A great piece of knowledge that I heard from a talk of Robert Ghrist, is that one of the earliest instances of non-trivial manifolds (i.e. of dimension higher than 2) appears in Dante's Paradise, where he essentially describes the cosmos as the union of two balls, one containing Earth, and the other containing the paradise and the celestial spheres, "glued along their boundary", hence essentially describing a 3-sphere.
I would be extremely interested to know if anyone else knows of similar instances where "complicated" topological spaces in fiction and classic, non-mathematical literature.
To be clear, I am trying to stay out of the usual torus/moebius strip stuff.
EDIT: I have been asked to give evidence of my statement about the 3-sphere in Dante. Before that, answering to those who say that this is being generous toward Dante, of course he did not describe the three sphere intentionally. His poetic, especially in the paradise, is allegoric, he explain theological concepts poetically through half-impossible images (the figure of god, made of three interconnected rings that mirror each other, is hardly a tentative to tell us about the Borromean links) and yet in the seemingly impossible description of the cosmos, he ends up describing a 3-sphere.
This being said. In Canto 28, Dante gets to the Empyrean, and looking down he sees the Earth surrounded by the celestial spheres. He then turns around and looks up, and he sees God as a point of light, surrounded by angelic spheres. Then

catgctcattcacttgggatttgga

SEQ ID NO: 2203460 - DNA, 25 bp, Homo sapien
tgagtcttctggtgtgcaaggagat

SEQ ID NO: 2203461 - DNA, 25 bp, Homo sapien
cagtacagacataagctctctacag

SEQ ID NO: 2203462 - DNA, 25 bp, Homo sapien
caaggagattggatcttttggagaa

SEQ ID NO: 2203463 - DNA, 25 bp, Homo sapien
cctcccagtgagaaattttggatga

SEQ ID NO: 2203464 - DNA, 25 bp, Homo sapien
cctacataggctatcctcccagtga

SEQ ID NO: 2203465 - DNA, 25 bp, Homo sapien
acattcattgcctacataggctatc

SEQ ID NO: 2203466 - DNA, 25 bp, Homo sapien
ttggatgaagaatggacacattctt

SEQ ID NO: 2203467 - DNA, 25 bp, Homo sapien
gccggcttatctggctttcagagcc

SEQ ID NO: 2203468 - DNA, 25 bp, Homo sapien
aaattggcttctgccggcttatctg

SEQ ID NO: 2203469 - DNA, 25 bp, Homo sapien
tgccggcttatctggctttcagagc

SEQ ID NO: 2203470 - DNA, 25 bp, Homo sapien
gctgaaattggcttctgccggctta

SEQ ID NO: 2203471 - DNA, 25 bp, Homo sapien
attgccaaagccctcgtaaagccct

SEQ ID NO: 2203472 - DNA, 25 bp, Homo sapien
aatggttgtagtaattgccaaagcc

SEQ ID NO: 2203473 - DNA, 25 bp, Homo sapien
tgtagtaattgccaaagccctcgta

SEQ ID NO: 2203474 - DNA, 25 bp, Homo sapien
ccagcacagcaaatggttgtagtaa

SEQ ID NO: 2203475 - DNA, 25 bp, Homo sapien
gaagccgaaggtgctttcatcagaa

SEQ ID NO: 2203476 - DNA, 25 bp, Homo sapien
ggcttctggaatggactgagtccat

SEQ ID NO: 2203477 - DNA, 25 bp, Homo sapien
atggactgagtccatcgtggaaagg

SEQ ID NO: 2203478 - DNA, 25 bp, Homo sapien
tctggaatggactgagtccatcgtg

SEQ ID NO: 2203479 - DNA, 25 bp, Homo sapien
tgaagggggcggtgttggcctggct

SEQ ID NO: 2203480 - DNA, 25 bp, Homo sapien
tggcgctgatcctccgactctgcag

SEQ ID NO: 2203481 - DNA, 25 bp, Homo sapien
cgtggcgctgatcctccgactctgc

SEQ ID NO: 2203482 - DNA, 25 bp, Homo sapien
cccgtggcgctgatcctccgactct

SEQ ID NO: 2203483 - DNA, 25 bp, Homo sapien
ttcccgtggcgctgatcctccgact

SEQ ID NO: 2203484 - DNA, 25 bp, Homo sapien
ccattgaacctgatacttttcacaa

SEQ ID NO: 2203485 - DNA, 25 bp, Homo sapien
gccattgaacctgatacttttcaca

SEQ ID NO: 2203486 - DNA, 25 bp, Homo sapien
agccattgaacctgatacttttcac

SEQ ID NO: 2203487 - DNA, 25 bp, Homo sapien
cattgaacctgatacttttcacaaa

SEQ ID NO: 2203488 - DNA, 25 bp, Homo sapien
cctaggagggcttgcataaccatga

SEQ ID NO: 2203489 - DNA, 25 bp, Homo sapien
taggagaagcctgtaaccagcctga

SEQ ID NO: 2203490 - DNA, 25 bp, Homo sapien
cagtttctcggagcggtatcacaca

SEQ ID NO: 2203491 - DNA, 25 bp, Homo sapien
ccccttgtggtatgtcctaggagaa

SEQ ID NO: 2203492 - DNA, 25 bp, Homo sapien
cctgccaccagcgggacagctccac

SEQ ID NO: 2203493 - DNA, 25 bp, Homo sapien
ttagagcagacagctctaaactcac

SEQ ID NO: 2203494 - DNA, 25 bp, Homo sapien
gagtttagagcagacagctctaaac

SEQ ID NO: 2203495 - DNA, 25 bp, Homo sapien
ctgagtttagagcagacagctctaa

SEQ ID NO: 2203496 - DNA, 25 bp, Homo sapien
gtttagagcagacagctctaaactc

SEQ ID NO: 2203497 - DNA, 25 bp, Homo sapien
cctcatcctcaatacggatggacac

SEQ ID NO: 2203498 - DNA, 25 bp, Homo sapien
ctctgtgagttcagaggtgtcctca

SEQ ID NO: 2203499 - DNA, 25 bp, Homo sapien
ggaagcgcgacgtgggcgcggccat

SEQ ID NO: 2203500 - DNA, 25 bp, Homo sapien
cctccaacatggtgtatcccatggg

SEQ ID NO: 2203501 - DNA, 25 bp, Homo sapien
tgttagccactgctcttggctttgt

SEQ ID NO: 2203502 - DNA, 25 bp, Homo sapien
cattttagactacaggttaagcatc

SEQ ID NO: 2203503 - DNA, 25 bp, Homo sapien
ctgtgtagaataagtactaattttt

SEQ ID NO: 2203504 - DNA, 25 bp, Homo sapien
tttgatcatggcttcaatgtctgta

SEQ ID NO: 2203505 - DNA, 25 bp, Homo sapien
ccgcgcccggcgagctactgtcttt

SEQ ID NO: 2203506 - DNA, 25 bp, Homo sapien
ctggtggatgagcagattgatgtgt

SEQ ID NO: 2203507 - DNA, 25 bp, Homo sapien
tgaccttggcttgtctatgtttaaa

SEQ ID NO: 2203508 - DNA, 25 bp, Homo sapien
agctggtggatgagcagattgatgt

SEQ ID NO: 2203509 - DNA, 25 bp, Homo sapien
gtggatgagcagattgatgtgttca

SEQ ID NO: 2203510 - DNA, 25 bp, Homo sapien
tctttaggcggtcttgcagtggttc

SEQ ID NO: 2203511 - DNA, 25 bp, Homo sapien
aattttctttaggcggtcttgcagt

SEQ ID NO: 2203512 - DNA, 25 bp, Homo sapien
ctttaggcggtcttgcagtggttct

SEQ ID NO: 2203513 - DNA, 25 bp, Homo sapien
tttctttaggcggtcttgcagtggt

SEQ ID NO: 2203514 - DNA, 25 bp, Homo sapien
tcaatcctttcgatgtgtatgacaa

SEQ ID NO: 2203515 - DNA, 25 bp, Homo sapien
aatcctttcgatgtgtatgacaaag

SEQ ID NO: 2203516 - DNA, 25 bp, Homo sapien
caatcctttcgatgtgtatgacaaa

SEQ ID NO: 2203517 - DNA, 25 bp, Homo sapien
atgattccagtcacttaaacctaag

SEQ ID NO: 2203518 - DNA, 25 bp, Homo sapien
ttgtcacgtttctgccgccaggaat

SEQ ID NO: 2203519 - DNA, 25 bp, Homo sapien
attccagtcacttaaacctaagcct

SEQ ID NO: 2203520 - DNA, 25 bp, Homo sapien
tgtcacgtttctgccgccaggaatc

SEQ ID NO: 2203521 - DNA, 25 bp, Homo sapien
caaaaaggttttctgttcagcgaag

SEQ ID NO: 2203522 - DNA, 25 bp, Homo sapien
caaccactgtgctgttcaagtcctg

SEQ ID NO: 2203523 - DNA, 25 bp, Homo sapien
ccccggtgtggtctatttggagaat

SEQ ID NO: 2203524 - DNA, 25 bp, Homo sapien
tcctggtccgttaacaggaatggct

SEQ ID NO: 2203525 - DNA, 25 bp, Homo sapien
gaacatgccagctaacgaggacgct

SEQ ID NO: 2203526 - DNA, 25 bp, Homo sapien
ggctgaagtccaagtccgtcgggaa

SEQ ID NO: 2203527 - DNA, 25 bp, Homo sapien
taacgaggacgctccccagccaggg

La donna mia, che mi vedea in cura forte sospeso, disse: «Da quel punto depende il cielo e tutta la natura»
My lady, who saw my perplexity — I was in such suspense — said: “On that Point depend the heavens and the whole of nature.”
The word "depende" translates from latin as "to hang from". So one interpretation is that the whole cosmos hangs from the point of light that is god. It then becomes extremely natural, with the modern mathematical language, to interprete this description as god being the "north pole" of the cosmos, earth being the "south pole", the angelic spheres being the "north hemisphere parallels, the celestial spheres being "south hemisphere parallels", and the primum nobile being the equatorial sphere in between. More terminology used by Dante goes in that direction, e.g. the fact that Dante insists that the universe is made of these two parts, the "original" (paradise and angelic spheres)nand the "copia" (earth and celestial spheres). See also this: https://mathinees-lacaniennes.net/images/stories/articles/dante.pdf, where these concepts are explained a bit better (i am no theologist, nor historian of literature).